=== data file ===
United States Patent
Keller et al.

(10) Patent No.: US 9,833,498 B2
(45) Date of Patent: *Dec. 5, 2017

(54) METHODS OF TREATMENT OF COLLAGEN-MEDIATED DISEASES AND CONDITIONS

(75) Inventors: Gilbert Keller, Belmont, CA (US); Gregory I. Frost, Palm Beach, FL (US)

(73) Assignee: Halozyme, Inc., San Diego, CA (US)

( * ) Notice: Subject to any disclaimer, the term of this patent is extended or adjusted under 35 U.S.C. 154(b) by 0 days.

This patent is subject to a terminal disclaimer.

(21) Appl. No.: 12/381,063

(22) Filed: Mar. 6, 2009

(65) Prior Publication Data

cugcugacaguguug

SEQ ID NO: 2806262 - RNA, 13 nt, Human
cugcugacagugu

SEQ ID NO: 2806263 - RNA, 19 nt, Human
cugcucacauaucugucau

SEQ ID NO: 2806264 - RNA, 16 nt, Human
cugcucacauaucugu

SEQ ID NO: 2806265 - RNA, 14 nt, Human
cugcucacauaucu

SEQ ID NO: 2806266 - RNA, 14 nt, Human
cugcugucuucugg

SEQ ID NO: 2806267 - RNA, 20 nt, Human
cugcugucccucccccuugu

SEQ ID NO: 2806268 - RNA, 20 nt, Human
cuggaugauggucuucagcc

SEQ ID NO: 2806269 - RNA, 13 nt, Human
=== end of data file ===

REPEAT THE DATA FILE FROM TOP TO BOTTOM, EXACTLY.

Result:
United States Patent
Keller et al.

(10) Patent No.: US 9,833,498 B2
(45) Date of Patent: *Dec. 5, 2017

(54) METHODS OF TREATMENT OF COLLAGEN-MEDIATED DISEASES AND CONDITIONS

(75) Inventors: Gilbert Keller, Belmont, CA (US); Gregory I. Frost, Palm Beach, FL (US)

(73) Assignee: Halozyme, Inc., San Diego, CA (US)

( * ) Notice: Subject to any disclaimer, the term of this patent is extended or adjusted under 35 U.S.C. 154(b) by 0 days.

This patent is subject to a terminal disclaimer.

(21) Appl. No.: 12/381,063

(22) Filed: Mar. 6, 2009

(65) Prior Publication Data

cugcugacaguguug

SEQ ID NO: 2806262 - RNA, 13 nt, Human
cugcugacagugu

SEQ ID NO: 2806263 - RNA, 19 nt, Human
cugcucacauaucugucau

SEQ ID NO: 2806264 - RNA, 16 nt, Human
cugcucacauaucugu

SEQ ID NO: 2806265 - RNA, 14 nt, Human
cugcucacauaucu

SEQ ID NO: 2806266 - RNA, 14 nt, Human
cugcugucuucugg

SEQ ID NO: 2806267 - RNA, 20 nt, Human
cugcugucccucccccuugu

SEQ ID NO: 2806268 - RNA, 20 nt, Human
cuggaugauggucuucagcc

SEQ ID NO: 2806269 - RNA, 13 nt, Human